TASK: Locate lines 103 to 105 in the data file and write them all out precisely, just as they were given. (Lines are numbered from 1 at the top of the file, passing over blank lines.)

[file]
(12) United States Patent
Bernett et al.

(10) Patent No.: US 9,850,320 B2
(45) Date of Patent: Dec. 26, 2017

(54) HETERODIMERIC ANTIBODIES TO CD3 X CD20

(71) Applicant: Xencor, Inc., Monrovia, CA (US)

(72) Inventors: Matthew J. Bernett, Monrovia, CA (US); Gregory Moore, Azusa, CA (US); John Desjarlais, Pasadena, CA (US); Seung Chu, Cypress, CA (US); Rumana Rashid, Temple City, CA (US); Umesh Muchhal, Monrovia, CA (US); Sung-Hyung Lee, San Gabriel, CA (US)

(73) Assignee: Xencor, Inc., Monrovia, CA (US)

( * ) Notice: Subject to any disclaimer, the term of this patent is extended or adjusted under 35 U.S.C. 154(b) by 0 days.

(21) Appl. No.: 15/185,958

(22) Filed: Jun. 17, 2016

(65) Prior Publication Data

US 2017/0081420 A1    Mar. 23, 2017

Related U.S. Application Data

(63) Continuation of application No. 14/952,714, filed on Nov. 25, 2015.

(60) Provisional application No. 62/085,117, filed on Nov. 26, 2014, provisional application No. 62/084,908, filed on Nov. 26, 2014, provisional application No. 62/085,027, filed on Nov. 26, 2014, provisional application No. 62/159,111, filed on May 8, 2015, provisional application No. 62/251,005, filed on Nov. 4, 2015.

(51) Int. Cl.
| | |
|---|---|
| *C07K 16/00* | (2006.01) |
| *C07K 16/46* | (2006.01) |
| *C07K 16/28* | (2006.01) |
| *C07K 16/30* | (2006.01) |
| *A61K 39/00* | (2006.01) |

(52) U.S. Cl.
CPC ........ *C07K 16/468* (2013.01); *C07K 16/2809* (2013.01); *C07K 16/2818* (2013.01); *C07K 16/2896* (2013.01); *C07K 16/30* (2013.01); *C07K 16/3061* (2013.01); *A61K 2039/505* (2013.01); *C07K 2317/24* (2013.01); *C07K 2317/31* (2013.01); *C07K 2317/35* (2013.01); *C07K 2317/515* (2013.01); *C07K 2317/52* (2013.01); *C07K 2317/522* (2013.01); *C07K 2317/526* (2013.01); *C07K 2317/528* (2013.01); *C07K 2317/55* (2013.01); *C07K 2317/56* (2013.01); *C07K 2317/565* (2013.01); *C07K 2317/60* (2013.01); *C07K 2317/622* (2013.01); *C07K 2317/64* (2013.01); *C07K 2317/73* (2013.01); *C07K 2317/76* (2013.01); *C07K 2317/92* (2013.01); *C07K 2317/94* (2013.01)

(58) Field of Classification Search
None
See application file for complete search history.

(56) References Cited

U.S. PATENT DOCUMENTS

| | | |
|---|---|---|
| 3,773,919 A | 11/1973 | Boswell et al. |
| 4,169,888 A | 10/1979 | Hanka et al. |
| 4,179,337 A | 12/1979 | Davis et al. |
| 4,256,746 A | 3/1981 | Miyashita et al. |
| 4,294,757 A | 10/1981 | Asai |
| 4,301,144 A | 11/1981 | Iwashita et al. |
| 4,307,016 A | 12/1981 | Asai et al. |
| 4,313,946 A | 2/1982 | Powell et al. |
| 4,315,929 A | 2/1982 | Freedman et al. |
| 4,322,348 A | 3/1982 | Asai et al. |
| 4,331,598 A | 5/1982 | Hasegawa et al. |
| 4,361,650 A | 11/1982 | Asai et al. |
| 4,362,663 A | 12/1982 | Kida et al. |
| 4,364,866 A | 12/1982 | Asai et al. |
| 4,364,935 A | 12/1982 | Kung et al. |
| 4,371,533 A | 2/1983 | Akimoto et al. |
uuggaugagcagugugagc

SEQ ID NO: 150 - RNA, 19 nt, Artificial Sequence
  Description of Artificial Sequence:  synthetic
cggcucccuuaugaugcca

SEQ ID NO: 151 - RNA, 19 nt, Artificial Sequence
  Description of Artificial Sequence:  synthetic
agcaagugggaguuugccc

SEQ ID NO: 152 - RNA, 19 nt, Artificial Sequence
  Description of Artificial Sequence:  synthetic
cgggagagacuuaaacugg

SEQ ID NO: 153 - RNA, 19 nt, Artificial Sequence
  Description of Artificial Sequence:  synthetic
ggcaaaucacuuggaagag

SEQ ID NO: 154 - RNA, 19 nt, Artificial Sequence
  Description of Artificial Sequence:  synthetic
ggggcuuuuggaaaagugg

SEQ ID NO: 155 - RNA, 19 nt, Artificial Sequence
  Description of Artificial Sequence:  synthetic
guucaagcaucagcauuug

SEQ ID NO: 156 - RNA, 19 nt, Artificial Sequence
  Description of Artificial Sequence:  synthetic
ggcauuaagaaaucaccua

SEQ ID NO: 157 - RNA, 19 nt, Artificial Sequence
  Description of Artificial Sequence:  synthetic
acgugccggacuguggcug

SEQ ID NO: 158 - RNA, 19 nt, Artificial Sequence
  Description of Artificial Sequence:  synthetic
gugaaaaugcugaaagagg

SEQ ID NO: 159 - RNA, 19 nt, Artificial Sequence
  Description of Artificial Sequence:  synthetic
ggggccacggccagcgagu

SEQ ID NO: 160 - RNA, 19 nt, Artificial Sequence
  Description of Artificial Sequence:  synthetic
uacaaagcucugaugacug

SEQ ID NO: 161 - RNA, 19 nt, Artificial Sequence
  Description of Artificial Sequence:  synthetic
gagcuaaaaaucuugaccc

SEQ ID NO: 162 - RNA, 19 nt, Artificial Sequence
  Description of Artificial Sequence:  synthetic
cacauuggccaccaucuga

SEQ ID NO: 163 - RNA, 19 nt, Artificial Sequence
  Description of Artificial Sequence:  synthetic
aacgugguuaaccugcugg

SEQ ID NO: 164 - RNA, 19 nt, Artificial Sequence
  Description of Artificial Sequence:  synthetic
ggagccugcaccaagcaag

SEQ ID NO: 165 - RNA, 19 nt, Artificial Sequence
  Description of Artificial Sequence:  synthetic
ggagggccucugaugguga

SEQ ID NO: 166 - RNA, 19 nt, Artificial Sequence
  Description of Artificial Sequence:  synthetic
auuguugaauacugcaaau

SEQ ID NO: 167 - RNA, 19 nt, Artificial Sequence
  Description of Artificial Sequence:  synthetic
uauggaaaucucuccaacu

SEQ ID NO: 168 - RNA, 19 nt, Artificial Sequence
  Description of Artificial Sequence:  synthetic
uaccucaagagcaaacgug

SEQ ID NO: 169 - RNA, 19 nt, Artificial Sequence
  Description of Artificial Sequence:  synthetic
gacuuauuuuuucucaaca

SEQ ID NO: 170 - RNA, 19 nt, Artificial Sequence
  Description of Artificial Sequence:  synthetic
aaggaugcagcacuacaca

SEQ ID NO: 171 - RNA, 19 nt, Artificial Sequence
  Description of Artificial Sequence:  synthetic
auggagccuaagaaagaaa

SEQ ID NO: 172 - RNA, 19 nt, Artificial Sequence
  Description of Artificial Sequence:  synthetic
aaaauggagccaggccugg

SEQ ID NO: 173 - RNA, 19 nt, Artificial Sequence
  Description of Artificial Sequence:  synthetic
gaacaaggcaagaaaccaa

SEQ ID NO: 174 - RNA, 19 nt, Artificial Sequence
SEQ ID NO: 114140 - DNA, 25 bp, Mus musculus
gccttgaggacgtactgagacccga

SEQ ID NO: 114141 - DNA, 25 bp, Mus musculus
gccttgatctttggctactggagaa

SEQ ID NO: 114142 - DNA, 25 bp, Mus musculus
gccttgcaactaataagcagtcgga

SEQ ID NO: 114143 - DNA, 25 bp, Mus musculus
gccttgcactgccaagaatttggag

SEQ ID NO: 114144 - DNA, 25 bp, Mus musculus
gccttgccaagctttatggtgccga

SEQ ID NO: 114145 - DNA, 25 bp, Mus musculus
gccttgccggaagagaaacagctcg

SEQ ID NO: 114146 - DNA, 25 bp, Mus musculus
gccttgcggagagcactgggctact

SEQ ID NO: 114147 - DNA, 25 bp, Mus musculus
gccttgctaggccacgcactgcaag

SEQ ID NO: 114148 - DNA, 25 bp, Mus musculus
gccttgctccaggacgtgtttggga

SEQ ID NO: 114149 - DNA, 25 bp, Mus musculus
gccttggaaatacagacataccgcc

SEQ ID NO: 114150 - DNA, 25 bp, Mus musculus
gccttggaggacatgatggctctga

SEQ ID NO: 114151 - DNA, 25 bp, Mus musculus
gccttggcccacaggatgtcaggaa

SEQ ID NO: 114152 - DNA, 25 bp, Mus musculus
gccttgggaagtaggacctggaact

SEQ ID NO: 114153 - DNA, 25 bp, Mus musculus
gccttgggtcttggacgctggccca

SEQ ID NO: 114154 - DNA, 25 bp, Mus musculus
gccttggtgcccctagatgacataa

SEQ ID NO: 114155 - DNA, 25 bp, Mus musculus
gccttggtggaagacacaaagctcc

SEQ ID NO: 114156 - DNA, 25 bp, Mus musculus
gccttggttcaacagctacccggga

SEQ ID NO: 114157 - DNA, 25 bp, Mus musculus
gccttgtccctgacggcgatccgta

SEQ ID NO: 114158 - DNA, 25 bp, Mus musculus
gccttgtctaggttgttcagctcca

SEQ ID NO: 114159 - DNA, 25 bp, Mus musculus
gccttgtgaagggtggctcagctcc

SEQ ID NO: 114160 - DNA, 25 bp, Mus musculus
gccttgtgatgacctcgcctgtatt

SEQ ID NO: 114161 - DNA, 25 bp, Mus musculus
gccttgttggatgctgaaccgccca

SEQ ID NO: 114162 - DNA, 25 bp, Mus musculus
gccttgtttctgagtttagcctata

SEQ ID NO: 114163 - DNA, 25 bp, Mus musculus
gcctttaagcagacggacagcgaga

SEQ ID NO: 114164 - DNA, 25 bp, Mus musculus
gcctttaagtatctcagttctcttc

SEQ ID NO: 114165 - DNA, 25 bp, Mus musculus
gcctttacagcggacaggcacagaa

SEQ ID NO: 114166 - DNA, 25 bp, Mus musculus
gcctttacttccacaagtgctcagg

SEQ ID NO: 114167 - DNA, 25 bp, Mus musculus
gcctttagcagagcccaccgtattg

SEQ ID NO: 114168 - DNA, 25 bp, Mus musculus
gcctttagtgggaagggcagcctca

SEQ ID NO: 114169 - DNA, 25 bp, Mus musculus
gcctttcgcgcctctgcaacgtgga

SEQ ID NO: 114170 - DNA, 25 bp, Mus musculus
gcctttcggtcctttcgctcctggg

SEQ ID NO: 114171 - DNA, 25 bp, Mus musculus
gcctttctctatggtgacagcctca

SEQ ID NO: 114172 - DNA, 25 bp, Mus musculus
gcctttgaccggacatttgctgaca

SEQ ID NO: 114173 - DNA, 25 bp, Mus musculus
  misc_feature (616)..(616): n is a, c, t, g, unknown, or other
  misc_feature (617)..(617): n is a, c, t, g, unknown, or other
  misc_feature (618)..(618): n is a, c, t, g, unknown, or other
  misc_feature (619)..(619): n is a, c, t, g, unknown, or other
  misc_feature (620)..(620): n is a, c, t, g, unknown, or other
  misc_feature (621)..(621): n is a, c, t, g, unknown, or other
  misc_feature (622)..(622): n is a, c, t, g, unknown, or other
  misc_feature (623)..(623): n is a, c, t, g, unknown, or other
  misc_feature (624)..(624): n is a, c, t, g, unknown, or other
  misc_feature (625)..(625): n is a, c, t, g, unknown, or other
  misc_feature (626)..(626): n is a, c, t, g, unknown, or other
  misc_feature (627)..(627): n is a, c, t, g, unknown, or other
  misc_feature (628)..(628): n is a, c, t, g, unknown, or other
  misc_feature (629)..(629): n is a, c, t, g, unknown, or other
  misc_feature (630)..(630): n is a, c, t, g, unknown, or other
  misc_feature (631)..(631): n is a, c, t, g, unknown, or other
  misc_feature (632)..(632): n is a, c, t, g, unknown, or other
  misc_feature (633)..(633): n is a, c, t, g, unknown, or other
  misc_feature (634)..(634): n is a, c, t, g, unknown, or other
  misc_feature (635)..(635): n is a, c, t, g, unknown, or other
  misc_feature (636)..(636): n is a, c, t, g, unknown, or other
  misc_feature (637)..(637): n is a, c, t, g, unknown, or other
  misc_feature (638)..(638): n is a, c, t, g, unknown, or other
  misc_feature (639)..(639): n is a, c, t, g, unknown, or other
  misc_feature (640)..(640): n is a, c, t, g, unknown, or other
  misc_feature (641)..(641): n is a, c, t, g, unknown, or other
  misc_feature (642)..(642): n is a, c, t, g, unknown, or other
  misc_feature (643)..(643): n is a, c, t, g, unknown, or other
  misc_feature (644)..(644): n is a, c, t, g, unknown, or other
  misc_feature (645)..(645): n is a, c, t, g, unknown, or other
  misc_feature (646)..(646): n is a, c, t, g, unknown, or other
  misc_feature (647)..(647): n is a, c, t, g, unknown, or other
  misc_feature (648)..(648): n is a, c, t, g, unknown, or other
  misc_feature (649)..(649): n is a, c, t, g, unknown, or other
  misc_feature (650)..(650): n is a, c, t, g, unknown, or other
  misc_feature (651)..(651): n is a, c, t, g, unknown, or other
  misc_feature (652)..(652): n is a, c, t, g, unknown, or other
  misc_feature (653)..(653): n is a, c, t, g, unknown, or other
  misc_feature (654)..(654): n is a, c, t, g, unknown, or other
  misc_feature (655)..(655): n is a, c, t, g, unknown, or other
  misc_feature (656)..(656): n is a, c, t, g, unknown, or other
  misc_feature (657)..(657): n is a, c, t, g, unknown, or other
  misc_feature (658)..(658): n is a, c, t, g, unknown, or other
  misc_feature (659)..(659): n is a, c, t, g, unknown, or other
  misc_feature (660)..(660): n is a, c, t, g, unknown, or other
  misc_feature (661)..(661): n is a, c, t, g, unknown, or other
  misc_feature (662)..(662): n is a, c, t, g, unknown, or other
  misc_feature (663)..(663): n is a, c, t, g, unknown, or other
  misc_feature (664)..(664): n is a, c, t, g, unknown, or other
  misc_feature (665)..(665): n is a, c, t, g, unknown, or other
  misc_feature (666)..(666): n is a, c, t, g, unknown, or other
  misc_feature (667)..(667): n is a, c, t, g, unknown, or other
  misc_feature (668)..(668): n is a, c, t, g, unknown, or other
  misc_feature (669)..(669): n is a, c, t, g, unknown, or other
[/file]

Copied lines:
  Description of Artificial Sequence:  synthetic
uauggaaaucucuccaacu

SEQ ID NO: 168 - RNA, 19 nt, Artificial Sequence